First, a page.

Mechanism of action. QS21 is derived from Quil A, itself a collection of triterpenoid glycosides (saponins) derived from the bark of the South American soap bark tree, Quillaja saponaria. QS21 induces Th1 cytokines and antibodies of the IgG2a isotype in mice, consistent with a Th1 bias.68–70Saponins integrate into cell membranes through interaction with cholesterol, resulting in pores71through which antigens enter. Subsequently, peptides from these antigens may be processed and presented via MHC class I, stimulating a CD8 CTL response. Numerous clinical trials have been conducted using QS21 in cancer vaccines and infectious disease, including HIV-1, influenza, herpes, malaria, and hepatitis B.72 The saponins have also been used in adjuvant formulations such as immunostimulatory complexes (ISCOMs) which will be discussed separately.
Limitations of QS21. Severe injection site pain is a major limiting factor in QS21 use. In addition to pain on injection and granulomas, toxicity of QS21 includes severe hemolysis,3,6,69,73,74 making such adjuvants unsuitable for human prophylactic uses. This was highlighted in a recent trial of a QS21 adjuvanted influenza vaccine in healthy young adults where vaccination site pain and postvaccination myalgias were far greater in the QS21 group, and the QS21-containing vaccine had no advantage in terms of antibody response compared with the unadjuvanted vaccine.75 In a trial of QS21 in a cancer vaccine, virtually all of the patients experienced inflammation and/or pruritis at the site of injection attributed to the QS21 adjuvant.76 Other common side effects were fever (71%), fatigue (44%), flu-like symptoms (58%), chills (29%), myalgias (48%), and headache (66%). These toxicities were thought by the investigators to be all due to QS21, given there was no correlation between vaccine dose and toxicity.77
In a trial of a malaria vaccine using QS21, two of 89 individuals developed severe vaccine allergy, a high complication rate for a prophylactic vaccine.78 Further issues of QS21 safety have also surfaced with deaths of human subjects in an Alzheimer's disease vaccine trial using QS21, although the contribution of QS21 to these encephalitis deaths is not clear.79
ISCOMs
Mechanism of action. ISCOMs are immunostimulating complexes containing a saponin, a sterol, and, optionally, a phospholipid. The preferred saponins are Quil A or QS21, the preferred sterol cholesterol, and the phospholipid is generally phosphatidylethanolamine. ISCOMs have been shown to help generate protective immunity in a variety of experimental models, and generate CTL responses to such antigens as HIV envelope glycoprotein and influenza hemagglutinin.80,81 The principal advantage of ISCOMs is to reduce the dose of the highly toxic QS21 adjuvant component (the saponin component is bound to cholesterol and is less free to interact with cell membranes, thereby reducing QS21 hemolytic activity.)82,83 ISCOMs, being particles, are also more likely to be phagocytosed directly by macrophages. The adjuvant activity of ISCOMs is related to their ability to induce cytokines, including IFN-g and IL-12,5,84 consistent with an ability to skew immune responses in a Th1 direction.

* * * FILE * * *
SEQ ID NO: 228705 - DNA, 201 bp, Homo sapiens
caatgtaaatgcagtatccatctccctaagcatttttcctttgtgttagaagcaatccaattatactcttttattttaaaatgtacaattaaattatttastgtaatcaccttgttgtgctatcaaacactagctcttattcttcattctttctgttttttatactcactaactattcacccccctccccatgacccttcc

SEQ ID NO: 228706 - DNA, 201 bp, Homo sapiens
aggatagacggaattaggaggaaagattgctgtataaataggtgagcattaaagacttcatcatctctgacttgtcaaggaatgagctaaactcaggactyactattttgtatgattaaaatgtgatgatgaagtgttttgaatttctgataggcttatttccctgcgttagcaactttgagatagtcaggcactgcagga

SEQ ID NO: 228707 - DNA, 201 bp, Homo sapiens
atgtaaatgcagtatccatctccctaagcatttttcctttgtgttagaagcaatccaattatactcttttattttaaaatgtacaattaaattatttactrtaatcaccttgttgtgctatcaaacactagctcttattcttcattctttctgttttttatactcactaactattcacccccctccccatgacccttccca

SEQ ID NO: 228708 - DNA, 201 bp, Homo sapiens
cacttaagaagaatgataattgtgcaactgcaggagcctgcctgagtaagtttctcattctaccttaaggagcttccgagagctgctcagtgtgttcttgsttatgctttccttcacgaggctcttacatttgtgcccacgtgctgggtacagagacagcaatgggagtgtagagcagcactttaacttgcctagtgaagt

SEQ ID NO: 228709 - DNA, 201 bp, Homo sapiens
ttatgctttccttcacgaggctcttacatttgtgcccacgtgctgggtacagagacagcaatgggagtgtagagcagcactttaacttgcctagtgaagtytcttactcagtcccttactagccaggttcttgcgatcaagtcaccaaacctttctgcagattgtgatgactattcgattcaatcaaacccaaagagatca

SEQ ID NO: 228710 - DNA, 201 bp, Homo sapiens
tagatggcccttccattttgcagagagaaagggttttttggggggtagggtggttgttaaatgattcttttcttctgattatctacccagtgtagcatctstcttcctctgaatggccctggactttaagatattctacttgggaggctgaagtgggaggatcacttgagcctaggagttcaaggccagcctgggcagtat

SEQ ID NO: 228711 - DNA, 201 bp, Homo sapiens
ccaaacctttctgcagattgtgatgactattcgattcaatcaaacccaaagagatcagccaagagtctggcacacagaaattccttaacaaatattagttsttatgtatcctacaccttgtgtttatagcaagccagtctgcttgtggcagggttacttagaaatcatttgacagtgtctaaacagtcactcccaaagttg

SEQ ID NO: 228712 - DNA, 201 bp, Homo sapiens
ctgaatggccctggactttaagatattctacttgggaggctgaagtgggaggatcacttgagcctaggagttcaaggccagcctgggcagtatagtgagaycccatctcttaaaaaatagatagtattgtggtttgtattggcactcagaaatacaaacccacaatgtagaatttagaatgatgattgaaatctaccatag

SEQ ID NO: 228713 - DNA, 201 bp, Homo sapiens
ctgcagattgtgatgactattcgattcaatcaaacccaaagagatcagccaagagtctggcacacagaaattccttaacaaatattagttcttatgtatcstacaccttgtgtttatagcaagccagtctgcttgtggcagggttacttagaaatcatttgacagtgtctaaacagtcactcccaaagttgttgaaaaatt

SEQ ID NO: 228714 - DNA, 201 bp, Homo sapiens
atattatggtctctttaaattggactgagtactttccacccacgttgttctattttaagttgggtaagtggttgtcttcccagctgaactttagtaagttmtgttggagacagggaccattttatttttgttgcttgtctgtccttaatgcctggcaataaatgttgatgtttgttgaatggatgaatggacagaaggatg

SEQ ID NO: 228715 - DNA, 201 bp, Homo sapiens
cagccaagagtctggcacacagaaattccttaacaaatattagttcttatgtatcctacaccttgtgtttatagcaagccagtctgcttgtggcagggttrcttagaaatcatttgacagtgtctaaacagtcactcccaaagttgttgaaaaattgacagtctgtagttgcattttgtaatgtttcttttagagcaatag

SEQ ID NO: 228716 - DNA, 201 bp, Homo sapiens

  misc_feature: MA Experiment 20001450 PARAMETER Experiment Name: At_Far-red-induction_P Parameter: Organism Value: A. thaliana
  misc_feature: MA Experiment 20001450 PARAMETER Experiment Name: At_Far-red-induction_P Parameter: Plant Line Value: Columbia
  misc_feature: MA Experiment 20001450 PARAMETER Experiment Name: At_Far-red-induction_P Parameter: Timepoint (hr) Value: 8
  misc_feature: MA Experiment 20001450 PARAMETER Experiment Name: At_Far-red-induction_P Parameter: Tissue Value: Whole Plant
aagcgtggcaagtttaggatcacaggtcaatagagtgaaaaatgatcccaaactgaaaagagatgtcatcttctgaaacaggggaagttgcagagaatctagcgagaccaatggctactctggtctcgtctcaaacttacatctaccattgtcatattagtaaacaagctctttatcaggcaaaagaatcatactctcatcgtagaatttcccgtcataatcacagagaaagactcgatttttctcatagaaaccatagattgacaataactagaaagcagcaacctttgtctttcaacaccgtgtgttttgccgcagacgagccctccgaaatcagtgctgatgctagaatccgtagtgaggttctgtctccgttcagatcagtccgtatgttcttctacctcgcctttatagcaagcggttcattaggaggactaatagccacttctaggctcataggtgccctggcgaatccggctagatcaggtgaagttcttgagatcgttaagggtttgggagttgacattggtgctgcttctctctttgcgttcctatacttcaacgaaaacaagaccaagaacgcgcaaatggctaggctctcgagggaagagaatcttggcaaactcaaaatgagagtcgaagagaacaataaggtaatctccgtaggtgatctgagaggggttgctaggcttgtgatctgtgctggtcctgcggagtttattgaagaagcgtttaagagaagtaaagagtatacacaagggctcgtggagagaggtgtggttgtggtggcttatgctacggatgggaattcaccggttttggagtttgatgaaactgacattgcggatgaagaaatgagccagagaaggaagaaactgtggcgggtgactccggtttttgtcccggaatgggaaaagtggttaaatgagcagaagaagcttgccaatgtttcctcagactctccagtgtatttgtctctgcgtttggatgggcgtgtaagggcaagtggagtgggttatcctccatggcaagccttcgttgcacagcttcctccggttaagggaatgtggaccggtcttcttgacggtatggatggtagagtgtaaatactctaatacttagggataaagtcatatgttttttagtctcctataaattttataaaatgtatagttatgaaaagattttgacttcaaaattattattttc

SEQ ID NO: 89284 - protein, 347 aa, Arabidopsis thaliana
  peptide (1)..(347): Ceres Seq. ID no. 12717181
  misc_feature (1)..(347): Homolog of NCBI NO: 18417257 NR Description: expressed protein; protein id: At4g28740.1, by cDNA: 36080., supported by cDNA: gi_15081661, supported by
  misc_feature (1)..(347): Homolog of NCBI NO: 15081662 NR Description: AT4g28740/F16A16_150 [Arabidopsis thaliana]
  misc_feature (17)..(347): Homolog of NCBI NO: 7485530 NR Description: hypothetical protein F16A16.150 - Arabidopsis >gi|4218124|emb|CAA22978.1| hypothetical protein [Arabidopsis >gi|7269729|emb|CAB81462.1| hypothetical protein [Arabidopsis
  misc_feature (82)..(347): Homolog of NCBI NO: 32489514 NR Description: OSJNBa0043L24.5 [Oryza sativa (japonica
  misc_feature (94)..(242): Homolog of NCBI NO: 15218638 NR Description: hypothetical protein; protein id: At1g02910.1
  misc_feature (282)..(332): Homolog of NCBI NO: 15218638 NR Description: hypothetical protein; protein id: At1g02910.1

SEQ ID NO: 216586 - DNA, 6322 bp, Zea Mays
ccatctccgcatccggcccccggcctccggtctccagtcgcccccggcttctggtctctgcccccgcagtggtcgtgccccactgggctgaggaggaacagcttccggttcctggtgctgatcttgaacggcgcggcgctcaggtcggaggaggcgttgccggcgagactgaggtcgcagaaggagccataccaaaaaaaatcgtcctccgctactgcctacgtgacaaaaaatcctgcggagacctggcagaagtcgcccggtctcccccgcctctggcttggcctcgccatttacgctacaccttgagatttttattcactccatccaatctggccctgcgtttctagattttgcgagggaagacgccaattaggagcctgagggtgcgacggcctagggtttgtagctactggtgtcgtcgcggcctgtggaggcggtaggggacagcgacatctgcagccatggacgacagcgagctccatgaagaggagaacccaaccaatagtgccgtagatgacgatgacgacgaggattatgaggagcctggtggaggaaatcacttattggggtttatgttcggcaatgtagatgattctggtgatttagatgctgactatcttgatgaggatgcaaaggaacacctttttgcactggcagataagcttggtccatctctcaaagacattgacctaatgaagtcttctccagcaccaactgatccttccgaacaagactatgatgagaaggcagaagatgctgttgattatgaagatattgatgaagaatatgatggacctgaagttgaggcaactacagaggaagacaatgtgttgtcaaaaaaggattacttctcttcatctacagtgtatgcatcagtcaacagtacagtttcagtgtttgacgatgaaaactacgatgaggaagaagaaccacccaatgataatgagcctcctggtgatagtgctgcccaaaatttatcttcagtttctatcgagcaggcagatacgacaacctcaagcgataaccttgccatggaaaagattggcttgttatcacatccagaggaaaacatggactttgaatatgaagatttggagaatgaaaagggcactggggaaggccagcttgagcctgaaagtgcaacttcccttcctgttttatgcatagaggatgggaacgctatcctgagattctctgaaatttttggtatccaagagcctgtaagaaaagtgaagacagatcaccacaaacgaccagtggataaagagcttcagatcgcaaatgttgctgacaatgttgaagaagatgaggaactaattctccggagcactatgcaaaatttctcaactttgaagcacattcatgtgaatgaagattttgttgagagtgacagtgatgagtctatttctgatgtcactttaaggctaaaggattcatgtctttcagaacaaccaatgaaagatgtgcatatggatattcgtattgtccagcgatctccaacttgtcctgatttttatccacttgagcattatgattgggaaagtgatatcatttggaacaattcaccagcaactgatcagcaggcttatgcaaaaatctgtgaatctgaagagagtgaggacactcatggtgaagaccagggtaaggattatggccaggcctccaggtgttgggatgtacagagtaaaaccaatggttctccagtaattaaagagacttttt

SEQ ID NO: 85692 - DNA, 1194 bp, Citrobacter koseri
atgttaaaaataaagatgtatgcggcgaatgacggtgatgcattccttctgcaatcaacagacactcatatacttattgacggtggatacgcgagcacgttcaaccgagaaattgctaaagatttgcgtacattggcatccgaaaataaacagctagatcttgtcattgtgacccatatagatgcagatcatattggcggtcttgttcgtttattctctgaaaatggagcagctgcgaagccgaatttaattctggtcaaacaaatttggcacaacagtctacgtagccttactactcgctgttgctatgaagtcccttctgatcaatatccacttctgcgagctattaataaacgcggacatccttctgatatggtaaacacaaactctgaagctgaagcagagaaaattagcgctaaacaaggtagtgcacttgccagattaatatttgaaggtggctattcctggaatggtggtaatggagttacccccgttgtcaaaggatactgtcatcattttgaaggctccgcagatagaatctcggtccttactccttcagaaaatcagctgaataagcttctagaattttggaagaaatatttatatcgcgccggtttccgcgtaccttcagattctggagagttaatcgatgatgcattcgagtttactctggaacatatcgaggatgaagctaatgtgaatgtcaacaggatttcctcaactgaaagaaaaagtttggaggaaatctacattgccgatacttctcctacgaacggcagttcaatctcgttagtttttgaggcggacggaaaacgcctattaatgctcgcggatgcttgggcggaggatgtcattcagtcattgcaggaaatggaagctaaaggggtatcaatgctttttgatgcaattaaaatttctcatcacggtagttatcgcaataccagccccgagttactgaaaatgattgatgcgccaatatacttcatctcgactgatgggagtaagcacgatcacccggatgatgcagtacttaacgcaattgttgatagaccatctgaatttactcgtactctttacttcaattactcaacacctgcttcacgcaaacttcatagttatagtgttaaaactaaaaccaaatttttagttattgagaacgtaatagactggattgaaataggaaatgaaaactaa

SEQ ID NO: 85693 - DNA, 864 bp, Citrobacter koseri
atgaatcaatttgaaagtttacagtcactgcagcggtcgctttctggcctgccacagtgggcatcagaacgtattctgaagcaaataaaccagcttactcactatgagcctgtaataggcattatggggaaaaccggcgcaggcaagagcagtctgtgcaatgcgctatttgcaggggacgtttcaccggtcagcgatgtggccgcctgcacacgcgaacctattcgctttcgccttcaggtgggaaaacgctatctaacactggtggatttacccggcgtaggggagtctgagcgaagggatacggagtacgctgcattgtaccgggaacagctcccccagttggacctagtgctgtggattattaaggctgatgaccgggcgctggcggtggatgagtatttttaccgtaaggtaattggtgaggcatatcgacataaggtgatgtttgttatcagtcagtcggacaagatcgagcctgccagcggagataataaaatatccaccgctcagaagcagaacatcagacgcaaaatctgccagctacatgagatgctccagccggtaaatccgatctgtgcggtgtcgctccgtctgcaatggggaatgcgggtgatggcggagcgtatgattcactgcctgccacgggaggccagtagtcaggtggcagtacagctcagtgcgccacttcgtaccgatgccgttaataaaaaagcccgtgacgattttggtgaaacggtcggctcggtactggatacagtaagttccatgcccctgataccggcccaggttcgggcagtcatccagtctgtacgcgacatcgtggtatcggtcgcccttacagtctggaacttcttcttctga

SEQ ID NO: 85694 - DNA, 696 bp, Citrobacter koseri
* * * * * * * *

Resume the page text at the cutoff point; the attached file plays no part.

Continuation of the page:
Limitations of ISCOMs. ISCOMs have suffered from issues including cost, manufacturing difficulty, and stability, in addition to reactogenicity, toxicity, and safety concerns.6,85 Side effects in a Phase 1 human cancer trial included flu-like symptoms, fever, and malaise.86 A major part of ISCOM reactogenicity and toxicity reflects the inclusion of Quil A or QS21 as an active ingredient. Hence all safety concerns about QS21 apply to ISCOMs.
Liposomes
Mechanism of action. Liposomes are synthetic phospholipid spheres consisting of lipid layers that can encapsulate antigens and act as both vaccine delivery vehicle and adjuvant.87 The adjuvanticity of liposomes depends on the number of lipid layers,88 electric charge,89 composition,90 and method of preparation.90-92 Their use enhances both humoral and cell-mediated immunity to protein and polysaccharide antigens.89,91 Liposome-based vaccines based on virosomes are approved in Europe for hepatitis A and influenza.93 They have been shown to better induce CTL to influenza in elderly humans compared to unadjuvanted vaccine.94 INFLUSOME-VAC, which contains IL2-supplemented trivalent liposomal influenza vaccine, showed enhanced immunogenicity when compared with standard split-virion vaccine in elderly and young subjects, but at the expense of an overwhelming (83%) incidence of pain at the injection site.95 The mechanism of liposomes is fusion with the cell membranes of macrophages, enabling delivery of proteins into the cytoplasm where they can enter the MHC class I pathway and activate CD8 CTLs.96,97 Liposomes can be made with various charge properties and cationic lipid vesicles comprising cationic cholesterol derivatives, and optionally neutral phospholipids98 are able to bind antigen on the surface and thereby enhance antigen presentation. Modified proteo-liposomal structures termed cochleates have also shown utility as systemic adjuvants.99
Limitations of liposomes . Liposomes have suffered from manufacturing difficulties, stability, and high cost, which have limited their use. Furthermore, they are more antigen vehicles than true adjuvants and hence require addition of immunostimulatory components such as MPL for potent adjuvant action. Injection site pain can be a major limitation in some liposome vaccines.
Advax